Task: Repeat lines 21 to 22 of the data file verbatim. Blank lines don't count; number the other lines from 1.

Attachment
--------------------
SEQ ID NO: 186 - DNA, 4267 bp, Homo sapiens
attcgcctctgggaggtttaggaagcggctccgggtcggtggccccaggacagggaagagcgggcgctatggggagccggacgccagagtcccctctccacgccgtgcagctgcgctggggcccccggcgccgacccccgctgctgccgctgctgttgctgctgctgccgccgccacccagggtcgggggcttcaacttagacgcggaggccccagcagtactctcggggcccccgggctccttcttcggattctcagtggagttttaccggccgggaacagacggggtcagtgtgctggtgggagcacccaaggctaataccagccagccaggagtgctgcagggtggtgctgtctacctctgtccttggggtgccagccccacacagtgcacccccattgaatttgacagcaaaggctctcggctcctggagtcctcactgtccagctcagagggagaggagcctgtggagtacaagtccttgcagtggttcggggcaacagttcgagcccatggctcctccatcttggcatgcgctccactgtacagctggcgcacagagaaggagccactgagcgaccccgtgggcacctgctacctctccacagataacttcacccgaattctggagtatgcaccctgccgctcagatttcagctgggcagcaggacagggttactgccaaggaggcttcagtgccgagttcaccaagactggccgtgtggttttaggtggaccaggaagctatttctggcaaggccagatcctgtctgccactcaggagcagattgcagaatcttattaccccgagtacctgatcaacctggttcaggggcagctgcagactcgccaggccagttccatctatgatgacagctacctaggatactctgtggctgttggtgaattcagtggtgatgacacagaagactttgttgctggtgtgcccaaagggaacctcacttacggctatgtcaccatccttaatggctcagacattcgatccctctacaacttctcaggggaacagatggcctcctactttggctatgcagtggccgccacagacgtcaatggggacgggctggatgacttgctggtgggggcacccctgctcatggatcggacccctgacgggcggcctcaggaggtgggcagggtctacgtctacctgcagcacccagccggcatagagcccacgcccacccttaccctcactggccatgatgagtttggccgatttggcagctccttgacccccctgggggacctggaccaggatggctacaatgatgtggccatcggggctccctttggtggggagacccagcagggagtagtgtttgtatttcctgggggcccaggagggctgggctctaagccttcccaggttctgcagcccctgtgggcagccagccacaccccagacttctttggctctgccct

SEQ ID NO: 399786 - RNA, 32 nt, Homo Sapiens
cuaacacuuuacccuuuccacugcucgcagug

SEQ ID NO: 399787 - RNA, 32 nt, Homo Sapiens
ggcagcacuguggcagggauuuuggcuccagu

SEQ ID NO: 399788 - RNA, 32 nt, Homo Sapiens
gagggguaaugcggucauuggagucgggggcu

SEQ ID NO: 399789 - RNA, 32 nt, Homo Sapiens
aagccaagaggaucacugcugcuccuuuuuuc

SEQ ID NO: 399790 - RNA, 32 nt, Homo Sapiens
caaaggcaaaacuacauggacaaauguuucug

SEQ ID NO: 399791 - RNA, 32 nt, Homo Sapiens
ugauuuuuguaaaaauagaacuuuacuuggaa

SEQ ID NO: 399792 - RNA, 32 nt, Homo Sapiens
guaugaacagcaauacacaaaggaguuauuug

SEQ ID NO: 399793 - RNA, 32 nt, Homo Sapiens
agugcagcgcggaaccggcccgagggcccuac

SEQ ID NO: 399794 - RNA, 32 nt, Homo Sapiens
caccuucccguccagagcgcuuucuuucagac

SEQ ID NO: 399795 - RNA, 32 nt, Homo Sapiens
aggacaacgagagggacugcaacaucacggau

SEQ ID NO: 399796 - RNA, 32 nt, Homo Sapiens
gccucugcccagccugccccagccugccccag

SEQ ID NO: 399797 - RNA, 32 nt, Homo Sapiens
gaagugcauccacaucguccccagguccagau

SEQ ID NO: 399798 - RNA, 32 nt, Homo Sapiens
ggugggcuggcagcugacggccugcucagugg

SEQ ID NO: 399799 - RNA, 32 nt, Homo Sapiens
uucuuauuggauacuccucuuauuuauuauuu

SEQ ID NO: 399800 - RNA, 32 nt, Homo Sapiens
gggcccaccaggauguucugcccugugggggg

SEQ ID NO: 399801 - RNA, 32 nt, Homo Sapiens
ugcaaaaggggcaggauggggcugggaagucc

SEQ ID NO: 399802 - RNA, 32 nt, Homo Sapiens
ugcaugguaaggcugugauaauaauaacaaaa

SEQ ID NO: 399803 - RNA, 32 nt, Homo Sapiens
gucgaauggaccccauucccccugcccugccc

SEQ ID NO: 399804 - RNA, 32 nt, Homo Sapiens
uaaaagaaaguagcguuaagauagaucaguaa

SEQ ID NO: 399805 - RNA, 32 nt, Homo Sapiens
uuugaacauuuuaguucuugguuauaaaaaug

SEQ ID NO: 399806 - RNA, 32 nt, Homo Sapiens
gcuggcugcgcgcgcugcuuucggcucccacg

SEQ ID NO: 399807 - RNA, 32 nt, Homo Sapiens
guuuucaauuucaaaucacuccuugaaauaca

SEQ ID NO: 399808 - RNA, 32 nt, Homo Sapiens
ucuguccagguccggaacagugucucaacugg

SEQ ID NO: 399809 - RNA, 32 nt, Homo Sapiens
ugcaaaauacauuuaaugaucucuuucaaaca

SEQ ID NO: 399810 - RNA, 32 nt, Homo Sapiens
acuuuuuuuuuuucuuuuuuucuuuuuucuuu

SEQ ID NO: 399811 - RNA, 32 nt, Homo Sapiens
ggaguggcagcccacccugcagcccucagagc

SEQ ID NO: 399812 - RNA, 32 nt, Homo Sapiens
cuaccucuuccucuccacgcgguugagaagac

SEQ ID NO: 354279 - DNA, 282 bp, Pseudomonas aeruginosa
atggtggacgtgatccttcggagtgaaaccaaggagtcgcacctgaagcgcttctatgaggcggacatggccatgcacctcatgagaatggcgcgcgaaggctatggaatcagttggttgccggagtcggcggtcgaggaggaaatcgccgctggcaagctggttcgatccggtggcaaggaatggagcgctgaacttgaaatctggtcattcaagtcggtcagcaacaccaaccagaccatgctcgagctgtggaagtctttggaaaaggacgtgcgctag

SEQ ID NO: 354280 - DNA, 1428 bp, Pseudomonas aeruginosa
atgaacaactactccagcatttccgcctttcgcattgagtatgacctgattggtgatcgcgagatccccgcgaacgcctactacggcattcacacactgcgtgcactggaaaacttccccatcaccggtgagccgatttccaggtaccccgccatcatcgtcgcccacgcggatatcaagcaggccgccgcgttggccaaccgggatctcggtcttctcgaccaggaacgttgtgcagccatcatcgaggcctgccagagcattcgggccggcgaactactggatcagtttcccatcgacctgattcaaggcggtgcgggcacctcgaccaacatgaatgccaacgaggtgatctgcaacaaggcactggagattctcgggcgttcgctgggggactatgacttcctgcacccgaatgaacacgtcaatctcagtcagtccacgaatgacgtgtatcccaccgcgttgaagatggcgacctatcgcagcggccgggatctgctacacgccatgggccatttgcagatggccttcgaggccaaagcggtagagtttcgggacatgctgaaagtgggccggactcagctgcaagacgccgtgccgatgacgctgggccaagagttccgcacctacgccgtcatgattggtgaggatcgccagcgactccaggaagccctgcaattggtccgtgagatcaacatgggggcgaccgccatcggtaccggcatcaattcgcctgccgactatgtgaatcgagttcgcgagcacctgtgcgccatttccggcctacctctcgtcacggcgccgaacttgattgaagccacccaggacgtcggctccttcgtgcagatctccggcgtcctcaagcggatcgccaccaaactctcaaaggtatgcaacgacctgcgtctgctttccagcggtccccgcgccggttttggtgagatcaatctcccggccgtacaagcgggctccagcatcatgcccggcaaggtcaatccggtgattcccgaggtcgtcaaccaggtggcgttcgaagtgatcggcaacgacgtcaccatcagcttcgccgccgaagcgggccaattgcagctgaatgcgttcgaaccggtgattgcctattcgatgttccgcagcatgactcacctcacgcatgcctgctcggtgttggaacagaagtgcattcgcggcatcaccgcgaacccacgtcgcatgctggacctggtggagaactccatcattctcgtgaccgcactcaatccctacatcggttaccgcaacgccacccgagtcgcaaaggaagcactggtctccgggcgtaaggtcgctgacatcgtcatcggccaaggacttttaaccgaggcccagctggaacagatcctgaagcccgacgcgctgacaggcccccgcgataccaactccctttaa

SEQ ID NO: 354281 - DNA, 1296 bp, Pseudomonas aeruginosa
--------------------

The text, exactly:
SEQ ID NO: 399795 - RNA, 32 nt, Homo Sapiens
aggacaacgagagggacugcaacaucacggau